Obedience and Preservation
Wednesday, March 15. 2023
Pastor Jason Bryan-Wegner
When we started this reluctant prophetic journey with Jonah a couple of weeks ago, Pastor Bonnie used the image of her son standing in the corner after getting in trouble, saying, “You can make me stand here, but you can’t make me like it” as a comparison to how Jonah responded to God’s call to go to Nineveh. In a lot of ways, little has changed. Despite the fact that Jonah took a death-defying, chaotic trip through the guts of a fish and was vomited back onto dry land, his attitude is still about as enthusiastic as a kid standing in the corner. When God calls him to go to Nineveh a second time, he is obedient, but God can’t make Jonah like it.
One of the things that might make us a little uncomfortable about Jonah is that he’s an anti-hero. As a prophet, he’s supposed to be enthusiastic about his call from God. He’s supposed to want people to do what is right and turn to God. He’s supposed to care that wrath is on Nineveh’s doorstep and do something about it with gusto. But he just doesn’t.
The other thing that might make us uncomfortable about Jonah is that despite the exaggerated events of the story, Jonah’s reluctance to be obedient to God and tell others about God’s mercy might reflect our all-too-real reluctance to talk about God in our own lives, especially with people we’re not sure we agree with, or want to be around. If we’re really honest, Jonah reflects the judgment we might fear lies just under the surface of our own hearts and minds. But recognizing that can be one important step toward confronting those underlying fears.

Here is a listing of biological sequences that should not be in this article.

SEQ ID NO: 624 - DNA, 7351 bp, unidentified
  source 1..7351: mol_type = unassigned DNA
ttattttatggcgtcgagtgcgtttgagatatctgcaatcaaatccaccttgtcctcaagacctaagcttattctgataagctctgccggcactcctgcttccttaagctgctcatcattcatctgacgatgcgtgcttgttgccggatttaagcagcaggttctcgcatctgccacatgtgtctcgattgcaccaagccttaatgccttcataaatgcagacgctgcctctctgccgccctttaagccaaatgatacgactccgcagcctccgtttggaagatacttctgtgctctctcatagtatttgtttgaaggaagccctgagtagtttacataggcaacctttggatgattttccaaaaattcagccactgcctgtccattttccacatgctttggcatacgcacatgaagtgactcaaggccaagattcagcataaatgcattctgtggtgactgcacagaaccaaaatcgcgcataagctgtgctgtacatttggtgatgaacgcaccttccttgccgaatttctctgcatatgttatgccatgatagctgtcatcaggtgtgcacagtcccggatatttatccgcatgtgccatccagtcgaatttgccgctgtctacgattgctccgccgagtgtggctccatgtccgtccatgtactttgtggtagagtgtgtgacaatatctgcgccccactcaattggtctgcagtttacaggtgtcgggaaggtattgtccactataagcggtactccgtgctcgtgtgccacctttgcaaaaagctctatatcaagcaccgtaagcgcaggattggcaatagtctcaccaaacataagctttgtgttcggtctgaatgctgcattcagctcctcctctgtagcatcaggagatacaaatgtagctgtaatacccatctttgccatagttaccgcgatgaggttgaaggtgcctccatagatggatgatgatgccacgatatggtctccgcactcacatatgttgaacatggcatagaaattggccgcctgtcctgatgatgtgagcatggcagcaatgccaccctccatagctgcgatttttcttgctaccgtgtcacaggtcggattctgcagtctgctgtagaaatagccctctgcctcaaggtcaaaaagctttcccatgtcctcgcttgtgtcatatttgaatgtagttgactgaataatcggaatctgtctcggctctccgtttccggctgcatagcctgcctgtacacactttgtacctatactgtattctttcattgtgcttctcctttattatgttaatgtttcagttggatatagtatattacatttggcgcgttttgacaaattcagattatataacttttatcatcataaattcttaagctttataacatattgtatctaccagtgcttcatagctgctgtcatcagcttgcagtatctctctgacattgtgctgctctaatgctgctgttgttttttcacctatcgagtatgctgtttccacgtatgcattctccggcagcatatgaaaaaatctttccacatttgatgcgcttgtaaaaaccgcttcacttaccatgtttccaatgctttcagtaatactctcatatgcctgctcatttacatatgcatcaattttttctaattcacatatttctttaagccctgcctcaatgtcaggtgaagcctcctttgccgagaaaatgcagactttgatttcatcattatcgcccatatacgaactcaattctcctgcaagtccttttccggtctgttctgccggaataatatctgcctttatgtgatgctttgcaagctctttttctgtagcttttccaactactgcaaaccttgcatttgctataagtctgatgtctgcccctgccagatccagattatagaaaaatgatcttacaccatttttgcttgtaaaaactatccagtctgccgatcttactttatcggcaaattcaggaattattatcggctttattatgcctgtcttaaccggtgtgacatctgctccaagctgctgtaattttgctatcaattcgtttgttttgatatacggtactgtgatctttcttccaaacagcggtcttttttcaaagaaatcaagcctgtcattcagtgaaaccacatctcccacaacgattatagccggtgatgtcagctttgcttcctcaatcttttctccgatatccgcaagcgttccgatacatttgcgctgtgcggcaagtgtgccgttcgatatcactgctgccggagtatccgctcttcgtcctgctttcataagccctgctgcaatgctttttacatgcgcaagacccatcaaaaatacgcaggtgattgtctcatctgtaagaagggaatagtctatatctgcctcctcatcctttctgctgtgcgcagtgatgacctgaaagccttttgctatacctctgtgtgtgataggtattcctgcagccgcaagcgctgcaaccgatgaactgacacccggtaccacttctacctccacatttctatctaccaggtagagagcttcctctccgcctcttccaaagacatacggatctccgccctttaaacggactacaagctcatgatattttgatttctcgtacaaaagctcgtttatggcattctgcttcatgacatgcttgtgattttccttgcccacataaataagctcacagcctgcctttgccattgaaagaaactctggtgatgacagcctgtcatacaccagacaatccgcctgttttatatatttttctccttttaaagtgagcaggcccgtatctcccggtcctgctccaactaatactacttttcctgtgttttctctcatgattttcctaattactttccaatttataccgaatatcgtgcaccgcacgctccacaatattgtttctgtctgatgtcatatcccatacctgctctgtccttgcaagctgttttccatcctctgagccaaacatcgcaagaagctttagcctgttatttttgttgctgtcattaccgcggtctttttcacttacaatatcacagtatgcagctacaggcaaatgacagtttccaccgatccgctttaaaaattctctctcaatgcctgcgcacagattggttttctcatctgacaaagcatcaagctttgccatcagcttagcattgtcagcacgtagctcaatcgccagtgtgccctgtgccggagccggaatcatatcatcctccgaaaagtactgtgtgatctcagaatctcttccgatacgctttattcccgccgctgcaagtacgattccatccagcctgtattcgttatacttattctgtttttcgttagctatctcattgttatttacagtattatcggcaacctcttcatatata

In the fall of 2016, I invited a communications professor from Augsburg to lead an exercise with my congregation on how to talk about politics with those with whom we disagree. Keep in mind this was just days before the presidential election between Hilary Clinton and Donald Trump. Things were tense and the feelings about which ever candidate people opposed were in full exposure. In the exercise, the professor asked the group of about 100 people to pair up, and if possible, find someone who supported the candidate they did not support.
I’ll admit, as the pastor who invited this speaker, I was getting nervous by this time. A knot was forming in my stomach. “This can’t work”, I thought, “not in this supercharged environment. No one is going to do this!”
Then he said, “now I want you to make the case for supporting the candidate you oppose – if you support Trump, make the case for Clinton. If you support Clinton, make the case for Trump. If you support someone else, make the case for either of the other candidates.”
When he finished, you would have thought he had just sprung a pop quiz on a class of college students on a Monday morning. The groans were nearly deafening. I heard someone say, “You have got to be kidding! I can’t do that.” But they did.
And you know what? I have never seen people’s attitudes change so fast. Pretty soon the room was abuzz with chatter, nervous laughter, and new insight they wouldn’t have had without such a bold experiment. Weeks later, people were still talking about how that exercise helped them better understand people they never thought they could or wanted to understand. And it helped the congregation in the weeks and months to come remain connected to one another, despite the political divisions that remained. I couldn’t have expected such an outcome weeks earlier.